Liz Longhurst: Violent porn law 'ineffective'

Liz Longhurst, Jane Longhurst's mother
Image caption Mrs Longhurst fought for a change in the law following her daughter's murder

A woman who fought for a ban on violent online pornography after her daughter's murder has said she is disappointed it has not been more effective.

Liz Longhurst welcomed the legislative change preventing the possession of some extreme pornography when it was introduced in 2009.

In 2003 her daughter, Brighton music teacher Jane Longhurst, was strangled by Graham Coutts, of Hove, Sussex.

Coutts, who was obsessed with violent pornography, was jailed for life.

The ban became part of the Criminal Justice and Immigration Bill, and anyone caught with sexually violent images faces up to three years in jail.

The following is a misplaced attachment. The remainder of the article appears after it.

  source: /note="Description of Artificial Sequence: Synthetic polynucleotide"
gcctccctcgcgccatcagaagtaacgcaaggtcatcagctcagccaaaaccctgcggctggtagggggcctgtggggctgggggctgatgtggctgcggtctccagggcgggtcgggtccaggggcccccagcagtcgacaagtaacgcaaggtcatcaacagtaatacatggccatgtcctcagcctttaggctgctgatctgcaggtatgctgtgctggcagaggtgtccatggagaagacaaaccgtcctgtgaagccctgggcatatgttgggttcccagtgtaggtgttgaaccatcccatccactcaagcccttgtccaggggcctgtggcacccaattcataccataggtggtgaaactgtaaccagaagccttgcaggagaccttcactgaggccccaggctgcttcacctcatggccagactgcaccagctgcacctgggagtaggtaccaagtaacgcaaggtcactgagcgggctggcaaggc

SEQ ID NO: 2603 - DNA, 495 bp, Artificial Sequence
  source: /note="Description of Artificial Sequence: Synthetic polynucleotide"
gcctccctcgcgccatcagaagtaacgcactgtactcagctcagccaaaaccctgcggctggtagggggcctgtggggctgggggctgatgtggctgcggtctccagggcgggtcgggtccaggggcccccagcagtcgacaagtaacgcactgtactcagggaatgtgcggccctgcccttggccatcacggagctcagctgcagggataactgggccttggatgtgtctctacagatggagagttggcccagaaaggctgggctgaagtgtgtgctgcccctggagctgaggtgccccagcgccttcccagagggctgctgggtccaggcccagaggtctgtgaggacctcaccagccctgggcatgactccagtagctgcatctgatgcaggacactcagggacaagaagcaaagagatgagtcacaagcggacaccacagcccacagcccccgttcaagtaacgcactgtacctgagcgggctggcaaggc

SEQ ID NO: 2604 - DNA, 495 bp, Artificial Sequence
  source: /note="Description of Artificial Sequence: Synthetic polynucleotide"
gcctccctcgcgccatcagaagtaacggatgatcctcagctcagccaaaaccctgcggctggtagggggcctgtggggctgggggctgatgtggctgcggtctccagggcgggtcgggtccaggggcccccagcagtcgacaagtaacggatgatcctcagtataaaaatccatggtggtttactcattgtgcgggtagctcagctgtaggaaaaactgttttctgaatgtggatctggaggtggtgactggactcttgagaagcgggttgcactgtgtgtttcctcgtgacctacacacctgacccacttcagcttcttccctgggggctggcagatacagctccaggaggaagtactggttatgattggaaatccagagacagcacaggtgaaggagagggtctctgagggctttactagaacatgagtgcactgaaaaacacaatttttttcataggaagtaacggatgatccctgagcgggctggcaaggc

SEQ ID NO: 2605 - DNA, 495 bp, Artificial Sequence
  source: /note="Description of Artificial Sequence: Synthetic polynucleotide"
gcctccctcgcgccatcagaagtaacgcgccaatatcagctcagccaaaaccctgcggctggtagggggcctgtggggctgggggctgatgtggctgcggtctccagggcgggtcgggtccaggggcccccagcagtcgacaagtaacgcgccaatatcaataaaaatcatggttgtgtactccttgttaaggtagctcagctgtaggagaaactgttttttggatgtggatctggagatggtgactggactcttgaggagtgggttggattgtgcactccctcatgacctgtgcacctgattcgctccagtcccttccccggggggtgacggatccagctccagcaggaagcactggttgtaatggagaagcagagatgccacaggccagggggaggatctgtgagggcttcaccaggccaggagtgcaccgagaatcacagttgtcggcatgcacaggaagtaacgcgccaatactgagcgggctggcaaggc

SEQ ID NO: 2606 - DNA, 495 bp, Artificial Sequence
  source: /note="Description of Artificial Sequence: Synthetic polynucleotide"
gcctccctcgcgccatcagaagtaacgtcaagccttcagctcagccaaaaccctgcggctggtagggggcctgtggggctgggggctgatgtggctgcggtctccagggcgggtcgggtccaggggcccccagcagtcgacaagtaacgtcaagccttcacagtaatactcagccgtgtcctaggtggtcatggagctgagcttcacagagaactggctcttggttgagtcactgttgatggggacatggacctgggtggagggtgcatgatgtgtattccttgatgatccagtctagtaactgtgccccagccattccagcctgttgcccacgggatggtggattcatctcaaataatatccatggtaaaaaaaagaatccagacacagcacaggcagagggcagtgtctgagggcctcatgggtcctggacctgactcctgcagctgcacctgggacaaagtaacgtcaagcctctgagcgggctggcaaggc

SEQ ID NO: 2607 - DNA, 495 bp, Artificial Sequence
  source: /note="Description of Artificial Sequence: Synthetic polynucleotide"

'Very few cases'

Mrs Longhurst, from Reading in Berkshire, said: "I was glad that the law had been passed in 2009 but I did not feel it was necessarily going to have a tremendously marvellous effect.

"I was rather surprised that really very few cases have been brought. There have been lots of cases of child pornography but not many with adult pornography."

Mrs Longhurst said she was "very sad" to discover the man who murdered landscape architect Jo Yeates had viewed violent pornography on the internet.

On Friday Vincent Tabak, 33, was jailed at Bristol Crown Court for a minimum of 20 years for strangling the 25-year-old.

Tabak had watched violent sex films online but the details were not disclosed to jurors.

A spokesman for the Crown Prosecution Service said: "Where we can we will charge and prosecute such offences robustly.

"There may be some cases where alternative charges that carry a greater penalty may be more appropriate."

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